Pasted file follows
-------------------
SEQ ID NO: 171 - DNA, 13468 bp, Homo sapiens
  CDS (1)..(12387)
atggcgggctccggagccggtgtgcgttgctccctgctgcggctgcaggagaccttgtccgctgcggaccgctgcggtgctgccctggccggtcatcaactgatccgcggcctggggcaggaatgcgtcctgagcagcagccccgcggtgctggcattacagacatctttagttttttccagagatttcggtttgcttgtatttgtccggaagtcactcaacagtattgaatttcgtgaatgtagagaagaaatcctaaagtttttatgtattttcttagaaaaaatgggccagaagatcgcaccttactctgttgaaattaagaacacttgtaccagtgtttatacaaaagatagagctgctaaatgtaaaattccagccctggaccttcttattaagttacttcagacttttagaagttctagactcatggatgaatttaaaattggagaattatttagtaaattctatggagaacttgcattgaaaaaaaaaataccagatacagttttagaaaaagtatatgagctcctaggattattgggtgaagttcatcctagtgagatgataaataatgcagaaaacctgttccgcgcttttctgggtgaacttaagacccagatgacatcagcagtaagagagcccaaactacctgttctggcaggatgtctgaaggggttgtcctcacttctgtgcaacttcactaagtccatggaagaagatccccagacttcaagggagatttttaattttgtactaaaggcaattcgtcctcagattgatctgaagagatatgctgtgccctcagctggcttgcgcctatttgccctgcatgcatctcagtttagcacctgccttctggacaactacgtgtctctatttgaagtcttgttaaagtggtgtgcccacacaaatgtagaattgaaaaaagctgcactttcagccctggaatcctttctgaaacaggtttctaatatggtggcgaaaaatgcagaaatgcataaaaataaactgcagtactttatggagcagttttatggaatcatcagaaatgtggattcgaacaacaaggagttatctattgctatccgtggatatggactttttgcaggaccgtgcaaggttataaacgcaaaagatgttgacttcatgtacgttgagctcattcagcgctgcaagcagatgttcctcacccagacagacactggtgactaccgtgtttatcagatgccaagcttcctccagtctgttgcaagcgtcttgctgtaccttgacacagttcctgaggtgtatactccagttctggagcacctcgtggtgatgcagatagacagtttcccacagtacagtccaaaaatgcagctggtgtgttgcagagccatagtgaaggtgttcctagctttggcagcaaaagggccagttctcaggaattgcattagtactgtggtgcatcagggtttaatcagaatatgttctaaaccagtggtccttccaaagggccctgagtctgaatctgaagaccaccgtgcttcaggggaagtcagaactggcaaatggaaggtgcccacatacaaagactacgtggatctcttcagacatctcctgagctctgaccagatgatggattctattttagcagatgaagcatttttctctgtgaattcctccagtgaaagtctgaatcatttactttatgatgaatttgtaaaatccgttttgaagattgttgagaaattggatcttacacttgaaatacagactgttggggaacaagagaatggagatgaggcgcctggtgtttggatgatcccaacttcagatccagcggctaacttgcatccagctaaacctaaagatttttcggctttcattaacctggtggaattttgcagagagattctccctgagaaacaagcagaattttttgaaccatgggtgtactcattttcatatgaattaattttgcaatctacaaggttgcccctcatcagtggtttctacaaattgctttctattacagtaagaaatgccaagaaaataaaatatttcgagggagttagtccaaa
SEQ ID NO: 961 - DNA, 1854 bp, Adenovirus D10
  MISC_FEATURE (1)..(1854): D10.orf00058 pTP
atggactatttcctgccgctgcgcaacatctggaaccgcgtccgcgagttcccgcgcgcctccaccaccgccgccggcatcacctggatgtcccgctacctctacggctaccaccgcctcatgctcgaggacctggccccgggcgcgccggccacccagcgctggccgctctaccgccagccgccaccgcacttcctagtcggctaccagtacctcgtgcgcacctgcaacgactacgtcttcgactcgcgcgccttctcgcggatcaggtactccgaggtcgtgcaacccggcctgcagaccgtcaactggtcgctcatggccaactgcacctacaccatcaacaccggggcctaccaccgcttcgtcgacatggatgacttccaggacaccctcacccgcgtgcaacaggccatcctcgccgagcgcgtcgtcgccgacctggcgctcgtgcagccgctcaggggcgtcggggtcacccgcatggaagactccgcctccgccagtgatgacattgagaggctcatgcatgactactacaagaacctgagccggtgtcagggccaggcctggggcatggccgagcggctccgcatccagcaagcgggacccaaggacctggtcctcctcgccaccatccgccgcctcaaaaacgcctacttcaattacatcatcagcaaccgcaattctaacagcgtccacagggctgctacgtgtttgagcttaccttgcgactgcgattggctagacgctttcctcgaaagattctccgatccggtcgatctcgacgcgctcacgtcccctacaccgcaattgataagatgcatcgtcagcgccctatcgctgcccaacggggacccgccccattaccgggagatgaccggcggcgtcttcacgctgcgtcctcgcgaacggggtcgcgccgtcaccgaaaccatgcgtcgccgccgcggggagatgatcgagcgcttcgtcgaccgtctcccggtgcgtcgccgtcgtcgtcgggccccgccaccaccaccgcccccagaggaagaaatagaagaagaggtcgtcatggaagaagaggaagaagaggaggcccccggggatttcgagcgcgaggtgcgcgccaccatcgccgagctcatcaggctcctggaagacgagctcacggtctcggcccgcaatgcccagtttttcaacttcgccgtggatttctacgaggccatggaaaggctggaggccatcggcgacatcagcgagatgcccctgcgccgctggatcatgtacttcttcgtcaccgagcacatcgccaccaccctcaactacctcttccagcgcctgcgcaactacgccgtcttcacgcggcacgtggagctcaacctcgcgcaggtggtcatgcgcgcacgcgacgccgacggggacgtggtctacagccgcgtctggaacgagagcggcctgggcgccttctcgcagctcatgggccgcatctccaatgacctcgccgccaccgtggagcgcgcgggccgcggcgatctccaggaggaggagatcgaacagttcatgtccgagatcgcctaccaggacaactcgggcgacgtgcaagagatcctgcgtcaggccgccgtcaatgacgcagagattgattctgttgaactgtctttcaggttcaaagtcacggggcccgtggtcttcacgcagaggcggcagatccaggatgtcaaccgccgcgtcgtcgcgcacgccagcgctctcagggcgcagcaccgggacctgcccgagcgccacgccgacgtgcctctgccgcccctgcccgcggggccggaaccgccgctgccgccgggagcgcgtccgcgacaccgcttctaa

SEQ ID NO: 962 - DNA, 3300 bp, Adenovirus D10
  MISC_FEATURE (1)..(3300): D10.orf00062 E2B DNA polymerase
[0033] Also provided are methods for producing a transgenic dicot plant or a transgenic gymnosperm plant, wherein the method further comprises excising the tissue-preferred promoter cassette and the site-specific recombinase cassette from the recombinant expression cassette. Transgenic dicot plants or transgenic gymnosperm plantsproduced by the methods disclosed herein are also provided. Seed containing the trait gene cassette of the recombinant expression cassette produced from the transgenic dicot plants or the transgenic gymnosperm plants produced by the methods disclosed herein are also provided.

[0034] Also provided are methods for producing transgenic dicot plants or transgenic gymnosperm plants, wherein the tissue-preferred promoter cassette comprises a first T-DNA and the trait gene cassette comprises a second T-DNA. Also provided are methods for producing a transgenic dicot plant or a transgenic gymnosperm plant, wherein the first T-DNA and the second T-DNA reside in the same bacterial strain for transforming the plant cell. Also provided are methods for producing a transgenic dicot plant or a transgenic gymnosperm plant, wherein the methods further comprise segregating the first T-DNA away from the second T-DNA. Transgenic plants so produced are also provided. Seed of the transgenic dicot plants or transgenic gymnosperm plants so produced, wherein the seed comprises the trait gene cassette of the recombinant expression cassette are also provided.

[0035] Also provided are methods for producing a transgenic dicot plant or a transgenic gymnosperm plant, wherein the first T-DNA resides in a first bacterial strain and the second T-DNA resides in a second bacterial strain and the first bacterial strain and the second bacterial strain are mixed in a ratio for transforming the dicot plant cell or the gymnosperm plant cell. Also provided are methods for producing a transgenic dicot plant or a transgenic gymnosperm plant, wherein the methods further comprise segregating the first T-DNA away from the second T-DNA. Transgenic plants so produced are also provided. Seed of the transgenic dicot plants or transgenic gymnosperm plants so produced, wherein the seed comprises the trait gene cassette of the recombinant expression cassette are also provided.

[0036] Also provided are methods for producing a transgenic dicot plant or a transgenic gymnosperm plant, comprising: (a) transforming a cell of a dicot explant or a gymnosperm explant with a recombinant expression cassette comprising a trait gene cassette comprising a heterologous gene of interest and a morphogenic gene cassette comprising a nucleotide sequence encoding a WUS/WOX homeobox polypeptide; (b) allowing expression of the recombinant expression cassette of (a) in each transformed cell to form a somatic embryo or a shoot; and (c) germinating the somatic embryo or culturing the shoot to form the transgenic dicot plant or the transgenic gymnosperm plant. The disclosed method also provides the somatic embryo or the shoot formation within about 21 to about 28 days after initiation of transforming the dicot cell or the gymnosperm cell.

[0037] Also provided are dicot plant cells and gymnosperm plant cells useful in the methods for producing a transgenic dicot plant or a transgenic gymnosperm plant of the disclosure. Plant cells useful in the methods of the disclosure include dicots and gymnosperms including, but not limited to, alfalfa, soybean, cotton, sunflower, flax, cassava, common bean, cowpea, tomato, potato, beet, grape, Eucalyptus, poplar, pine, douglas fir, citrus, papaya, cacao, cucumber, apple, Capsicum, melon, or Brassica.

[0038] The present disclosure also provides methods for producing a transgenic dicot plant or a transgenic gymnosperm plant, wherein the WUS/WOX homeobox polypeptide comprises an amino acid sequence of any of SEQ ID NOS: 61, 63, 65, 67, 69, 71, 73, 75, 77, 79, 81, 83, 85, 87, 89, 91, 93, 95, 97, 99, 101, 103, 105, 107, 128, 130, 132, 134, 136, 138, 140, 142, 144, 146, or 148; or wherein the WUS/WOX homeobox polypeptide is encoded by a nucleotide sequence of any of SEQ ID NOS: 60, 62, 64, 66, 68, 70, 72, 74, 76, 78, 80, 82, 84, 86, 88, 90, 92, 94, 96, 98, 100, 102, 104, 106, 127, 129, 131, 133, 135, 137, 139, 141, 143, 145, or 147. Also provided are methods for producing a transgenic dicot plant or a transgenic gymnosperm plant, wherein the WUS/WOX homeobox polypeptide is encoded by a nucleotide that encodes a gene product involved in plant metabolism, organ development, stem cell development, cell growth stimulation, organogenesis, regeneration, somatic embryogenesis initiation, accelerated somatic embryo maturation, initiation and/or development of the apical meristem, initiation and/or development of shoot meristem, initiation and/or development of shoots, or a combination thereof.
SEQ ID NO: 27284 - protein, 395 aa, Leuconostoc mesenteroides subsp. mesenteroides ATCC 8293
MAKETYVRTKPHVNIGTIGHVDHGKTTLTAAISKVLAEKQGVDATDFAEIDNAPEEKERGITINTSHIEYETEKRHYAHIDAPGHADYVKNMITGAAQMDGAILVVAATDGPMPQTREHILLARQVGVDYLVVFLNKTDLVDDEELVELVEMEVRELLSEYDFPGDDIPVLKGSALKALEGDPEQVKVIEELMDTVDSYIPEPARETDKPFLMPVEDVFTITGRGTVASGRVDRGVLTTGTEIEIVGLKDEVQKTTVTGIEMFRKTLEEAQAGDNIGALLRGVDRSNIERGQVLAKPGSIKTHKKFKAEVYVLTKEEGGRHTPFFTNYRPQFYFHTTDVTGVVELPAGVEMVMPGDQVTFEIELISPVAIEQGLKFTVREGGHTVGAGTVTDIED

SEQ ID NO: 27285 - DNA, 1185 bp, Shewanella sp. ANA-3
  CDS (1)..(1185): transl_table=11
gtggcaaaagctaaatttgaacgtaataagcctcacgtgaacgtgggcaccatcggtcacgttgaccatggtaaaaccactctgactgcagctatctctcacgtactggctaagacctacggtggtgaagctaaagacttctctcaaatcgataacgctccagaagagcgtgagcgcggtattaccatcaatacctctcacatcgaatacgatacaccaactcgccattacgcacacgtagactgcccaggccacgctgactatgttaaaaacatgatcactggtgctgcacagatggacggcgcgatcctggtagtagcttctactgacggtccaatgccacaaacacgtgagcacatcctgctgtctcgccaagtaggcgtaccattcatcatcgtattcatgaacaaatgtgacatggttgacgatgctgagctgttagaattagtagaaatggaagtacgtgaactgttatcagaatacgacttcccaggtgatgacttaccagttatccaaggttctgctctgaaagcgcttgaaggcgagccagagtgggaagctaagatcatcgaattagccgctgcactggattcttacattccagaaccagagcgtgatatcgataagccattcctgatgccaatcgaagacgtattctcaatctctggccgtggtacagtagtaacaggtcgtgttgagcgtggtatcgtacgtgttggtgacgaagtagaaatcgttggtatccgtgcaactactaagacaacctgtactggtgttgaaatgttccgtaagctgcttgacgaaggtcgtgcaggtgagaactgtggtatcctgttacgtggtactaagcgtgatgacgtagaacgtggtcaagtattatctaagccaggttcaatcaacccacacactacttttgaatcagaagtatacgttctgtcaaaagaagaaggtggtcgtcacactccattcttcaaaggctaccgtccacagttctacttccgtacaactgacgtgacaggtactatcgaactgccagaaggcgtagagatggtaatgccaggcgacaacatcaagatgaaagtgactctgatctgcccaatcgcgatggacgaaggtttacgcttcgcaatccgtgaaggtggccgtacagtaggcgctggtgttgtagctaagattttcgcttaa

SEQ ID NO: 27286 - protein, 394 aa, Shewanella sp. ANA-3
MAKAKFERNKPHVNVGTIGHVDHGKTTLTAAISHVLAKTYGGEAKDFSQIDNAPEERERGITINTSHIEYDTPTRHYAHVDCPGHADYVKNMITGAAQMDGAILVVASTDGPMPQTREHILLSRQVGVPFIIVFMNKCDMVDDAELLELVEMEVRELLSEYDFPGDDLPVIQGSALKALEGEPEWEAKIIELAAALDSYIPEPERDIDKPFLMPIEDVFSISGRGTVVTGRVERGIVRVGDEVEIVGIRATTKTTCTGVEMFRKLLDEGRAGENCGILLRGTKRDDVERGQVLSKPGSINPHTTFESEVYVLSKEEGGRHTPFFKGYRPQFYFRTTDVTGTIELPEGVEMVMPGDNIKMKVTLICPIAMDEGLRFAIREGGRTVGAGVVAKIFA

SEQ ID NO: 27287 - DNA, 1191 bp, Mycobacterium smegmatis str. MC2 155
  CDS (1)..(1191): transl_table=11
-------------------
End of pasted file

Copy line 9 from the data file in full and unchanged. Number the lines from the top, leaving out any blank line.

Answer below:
[0033] Also provided are methods for producing a transgenic dicot plant or a transgenic gymnosperm plant, wherein the method further comprises excising the tissue-preferred promoter cassette and the site-specific recombinase cassette from the recombinant expression cassette. Transgenic dicot plants or transgenic gymnosperm plantsproduced by the methods disclosed herein are also provided. Seed containing the trait gene cassette of the recombinant expression cassette produced from the transgenic dicot plants or the transgenic gymnosperm plants produced by the methods disclosed herein are also provided.